Pneumoperitoneum occurs as a result of a hollow viscus perforation in more than 90% of patients [1, 2]. Pneumoperitoneum without hollow viscus perforation is a rare phenomenon called spontaneous pneumoperitoneum or non-surgical pneumoperitoneum. Gantt et al. classified the cause of non-surgical pneumoperitoneum as intra-thoracic, abdominal, gynecologic, and iatrogenic . The intra-thoracic causes include mechanical ventilation, cardiopulmonary resuscitation, and pneumothorax, thought to be dissection into the abdominal cavity via transdiaphragmatic or transmediastinal routes. Abdominal causes include pneumatosis cystoides intestinalis (PCI), jejunal diverticulosis, constipation, and colonic pseudo-obstruction [3,4,5,6,7,8,9]. Gynecological causes include sexual activity or spa jet-induced pneumoperitoneum [3, 10]. The iatrogenic causes include endoscopic procedures and a postsurgical state .
In cases with an abdominal etiology, PCI is the most frequent cause. PCI is characterized by multiple intramural gas-filled cysts in any portion of the gastrointestinal tract. Rupture of these submucosal and subserosal cysts causes pneumoperitoneum. In some pneumoperitoneum cases, diverticular disease and constipation accompany PCI [6, 7]. This may be caused by increased intestinal pressure with or without PCI. In these patients, small amounts of gas may pass through the micropores in the wall of the thinned diverticula or intestinal wall, which can only pass intestinal gas and not intestinal contents. Duodenal diverticulosis, as seen in our patient, can also rarely cause spontaneous pneumoperitoneum. In the present case, the patient had slight epigastric discomfort during the first visit to our hospital, at which time duodenal pressure was considered to be increased for some reason. Given that the duodenal diverticulum was located on the abdominal cavity side, we suspected that intestinal gas had passed through the thinned duodenal diverticulum, thereby resulting in spontaneous pneumoperitoneum.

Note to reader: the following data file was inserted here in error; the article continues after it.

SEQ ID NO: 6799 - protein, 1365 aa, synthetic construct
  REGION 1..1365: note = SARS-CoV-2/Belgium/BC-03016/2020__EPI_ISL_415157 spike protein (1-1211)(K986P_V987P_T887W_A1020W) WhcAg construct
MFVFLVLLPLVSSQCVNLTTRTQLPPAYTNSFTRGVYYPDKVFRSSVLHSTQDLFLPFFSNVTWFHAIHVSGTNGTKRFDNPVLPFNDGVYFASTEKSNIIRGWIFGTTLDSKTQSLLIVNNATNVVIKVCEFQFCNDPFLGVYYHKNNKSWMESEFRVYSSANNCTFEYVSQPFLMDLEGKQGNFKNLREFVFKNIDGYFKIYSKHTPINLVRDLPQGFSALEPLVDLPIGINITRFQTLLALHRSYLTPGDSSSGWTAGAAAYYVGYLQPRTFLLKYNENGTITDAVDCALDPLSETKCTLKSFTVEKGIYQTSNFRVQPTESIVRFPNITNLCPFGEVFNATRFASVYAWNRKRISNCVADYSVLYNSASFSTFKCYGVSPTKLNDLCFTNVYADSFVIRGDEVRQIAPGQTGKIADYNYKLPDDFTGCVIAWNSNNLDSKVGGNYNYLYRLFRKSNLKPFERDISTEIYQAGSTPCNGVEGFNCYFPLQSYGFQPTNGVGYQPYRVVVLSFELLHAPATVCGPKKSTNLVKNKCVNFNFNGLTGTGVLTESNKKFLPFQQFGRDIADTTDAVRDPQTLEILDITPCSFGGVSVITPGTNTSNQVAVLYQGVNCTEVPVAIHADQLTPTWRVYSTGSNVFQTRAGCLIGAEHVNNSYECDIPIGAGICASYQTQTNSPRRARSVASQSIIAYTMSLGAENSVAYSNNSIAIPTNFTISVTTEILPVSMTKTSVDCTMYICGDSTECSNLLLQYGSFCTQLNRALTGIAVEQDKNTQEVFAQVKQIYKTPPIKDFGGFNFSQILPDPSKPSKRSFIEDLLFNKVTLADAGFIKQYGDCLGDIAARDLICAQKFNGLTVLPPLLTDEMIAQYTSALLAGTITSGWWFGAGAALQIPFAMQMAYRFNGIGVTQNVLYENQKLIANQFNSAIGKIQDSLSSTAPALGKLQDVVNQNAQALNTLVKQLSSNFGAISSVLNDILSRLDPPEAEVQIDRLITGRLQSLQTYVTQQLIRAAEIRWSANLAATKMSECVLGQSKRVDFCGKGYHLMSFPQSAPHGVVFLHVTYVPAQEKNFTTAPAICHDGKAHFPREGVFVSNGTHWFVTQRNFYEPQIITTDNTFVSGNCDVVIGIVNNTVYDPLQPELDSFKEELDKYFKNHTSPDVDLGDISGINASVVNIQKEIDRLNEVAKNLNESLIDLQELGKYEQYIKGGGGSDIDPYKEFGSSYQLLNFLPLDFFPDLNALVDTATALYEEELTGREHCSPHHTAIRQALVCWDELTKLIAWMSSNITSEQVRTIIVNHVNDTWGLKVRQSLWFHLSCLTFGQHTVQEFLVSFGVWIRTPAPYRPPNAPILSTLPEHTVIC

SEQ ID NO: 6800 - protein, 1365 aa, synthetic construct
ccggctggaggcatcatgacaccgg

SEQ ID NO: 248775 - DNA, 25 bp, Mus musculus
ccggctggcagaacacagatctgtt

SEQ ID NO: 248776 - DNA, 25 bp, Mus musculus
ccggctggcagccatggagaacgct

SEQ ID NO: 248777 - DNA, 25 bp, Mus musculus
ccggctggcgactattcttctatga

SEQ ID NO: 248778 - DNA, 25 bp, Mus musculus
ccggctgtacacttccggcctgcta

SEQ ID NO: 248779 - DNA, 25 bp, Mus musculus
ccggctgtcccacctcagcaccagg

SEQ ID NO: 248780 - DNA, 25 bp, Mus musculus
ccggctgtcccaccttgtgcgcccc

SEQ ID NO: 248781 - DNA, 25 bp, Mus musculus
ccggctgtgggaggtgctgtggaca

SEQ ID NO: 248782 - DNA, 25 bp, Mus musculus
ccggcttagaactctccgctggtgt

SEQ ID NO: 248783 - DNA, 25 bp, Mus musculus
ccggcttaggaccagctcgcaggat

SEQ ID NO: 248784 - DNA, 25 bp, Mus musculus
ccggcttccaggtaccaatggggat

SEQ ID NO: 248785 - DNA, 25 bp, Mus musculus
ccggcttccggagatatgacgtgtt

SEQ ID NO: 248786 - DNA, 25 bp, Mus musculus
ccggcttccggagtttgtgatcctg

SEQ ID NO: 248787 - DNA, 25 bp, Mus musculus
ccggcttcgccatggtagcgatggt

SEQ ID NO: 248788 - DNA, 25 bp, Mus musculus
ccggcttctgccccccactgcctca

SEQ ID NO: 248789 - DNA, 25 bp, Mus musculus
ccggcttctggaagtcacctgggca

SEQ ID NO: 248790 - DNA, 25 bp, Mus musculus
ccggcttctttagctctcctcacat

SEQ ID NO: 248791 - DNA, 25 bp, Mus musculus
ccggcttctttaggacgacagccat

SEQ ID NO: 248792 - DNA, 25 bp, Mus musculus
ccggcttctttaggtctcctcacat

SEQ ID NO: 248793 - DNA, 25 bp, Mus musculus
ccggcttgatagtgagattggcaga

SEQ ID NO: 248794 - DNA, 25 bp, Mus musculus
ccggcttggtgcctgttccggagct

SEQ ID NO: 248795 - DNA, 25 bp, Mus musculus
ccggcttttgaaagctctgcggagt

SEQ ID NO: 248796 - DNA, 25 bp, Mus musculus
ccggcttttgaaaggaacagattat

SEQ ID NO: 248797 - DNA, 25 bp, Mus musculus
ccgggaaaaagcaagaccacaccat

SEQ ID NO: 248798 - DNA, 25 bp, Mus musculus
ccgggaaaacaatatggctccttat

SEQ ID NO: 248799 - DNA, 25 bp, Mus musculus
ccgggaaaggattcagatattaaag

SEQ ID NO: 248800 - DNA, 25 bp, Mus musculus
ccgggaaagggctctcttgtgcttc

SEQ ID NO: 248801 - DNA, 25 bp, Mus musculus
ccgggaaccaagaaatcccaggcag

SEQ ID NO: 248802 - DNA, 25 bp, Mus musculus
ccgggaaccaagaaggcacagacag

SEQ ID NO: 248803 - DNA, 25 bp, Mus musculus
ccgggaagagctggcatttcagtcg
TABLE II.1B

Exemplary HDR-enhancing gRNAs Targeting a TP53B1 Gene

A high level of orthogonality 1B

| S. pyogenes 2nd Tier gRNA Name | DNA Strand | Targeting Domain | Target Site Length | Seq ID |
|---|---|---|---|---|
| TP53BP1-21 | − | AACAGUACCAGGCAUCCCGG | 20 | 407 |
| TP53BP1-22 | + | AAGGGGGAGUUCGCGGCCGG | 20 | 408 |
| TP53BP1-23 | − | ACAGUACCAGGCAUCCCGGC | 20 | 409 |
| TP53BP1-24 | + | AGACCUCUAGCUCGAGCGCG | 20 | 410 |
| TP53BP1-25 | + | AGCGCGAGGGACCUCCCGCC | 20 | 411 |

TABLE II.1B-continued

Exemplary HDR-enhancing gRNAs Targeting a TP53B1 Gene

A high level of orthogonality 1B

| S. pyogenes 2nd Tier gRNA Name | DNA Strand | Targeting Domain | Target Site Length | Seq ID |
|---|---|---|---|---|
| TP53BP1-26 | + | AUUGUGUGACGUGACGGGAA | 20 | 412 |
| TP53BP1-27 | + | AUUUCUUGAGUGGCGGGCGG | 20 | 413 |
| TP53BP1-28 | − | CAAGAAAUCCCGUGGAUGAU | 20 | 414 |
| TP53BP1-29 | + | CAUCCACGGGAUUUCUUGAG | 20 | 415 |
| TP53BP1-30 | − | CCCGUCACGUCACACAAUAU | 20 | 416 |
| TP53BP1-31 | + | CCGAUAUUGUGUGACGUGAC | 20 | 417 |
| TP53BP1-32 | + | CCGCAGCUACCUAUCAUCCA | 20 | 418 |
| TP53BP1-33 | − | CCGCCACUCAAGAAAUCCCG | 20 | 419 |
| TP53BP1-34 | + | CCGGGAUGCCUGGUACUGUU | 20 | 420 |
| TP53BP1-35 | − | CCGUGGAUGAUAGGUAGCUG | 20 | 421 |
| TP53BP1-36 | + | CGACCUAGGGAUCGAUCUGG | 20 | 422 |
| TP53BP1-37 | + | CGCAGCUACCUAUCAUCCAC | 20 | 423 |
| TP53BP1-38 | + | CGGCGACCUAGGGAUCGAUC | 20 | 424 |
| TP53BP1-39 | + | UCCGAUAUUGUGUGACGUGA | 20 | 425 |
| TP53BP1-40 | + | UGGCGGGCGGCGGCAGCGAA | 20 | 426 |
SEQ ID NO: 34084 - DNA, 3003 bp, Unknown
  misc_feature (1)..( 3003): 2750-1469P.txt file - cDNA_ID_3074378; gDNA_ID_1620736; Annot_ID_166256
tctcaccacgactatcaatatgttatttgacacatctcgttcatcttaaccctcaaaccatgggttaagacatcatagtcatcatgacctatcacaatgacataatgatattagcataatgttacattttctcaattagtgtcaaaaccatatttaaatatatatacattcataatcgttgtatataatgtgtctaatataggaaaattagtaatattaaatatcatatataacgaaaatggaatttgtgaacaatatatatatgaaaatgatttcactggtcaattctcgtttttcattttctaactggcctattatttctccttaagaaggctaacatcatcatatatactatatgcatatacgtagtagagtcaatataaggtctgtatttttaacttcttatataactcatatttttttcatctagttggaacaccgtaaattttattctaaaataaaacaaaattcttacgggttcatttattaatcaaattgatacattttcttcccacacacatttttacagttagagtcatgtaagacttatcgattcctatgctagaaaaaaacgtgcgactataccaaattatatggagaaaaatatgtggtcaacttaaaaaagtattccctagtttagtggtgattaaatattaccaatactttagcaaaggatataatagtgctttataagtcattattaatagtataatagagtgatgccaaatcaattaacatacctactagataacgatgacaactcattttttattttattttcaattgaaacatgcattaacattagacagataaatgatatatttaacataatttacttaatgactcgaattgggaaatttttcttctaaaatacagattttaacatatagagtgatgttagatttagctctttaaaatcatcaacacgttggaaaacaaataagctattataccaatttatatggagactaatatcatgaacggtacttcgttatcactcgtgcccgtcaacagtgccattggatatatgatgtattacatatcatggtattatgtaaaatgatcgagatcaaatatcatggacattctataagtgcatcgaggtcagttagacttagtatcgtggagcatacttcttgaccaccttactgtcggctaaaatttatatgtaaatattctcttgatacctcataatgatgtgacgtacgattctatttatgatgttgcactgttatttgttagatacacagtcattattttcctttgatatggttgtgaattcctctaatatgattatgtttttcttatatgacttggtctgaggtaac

According to a review of cases of spontaneous pneumoperitoneum, 45 cases (23.0%) in 196 patients required exploratory laparotomy . If abdominal pain and distension are minimal, and peritoneal signs, fever, and leukocytosis are absent, conservative management should be considered for nonsurgical pneumoperitoneum . However, spontaneous pneumoperitoneum poses significant management dilemmas for surgeons, especially when peritoneal signs are present [13, 14]. Although Tani et al. suggested that conservative treatment may be applicable for spontaneous pneumoperitoneum with peritoneal signs, exploratory laparotomy should be considered when signs and symptoms of peritonitis are present . When the site of perforation is not detected during the operation, valvular pneumoperitoneum may also be present due to microperforation of the gastrointestinal tract. Valvular pneumoperitoneum is defined as a valve-like arrangement that permits the escape of air but inhibits the leakage of liquid contents with changes in the pressure within the gastrointestinal tract . Imabun et al. reported a case of recurrent valvular pneumoperitoneum in a patient in whom microperforation of a minute gastric ulcer was detected at autopsy . Thus, when nonsurgical pneumoperitoneum is suspected radiologically but peritoneal signs are present, surgical management may be acceptable. In our institution, we determine the surgical indications for spontaneous pneumoperitoneum based on the presence of peritoneal irradiation sign during physical examination, the inflammatory findings of laboratory tests, and intraabdominal fluid collection of CT. Moreover, operations were uneventful in most adult nonsurgical pneumoperitoneum cases for which surgery is performed.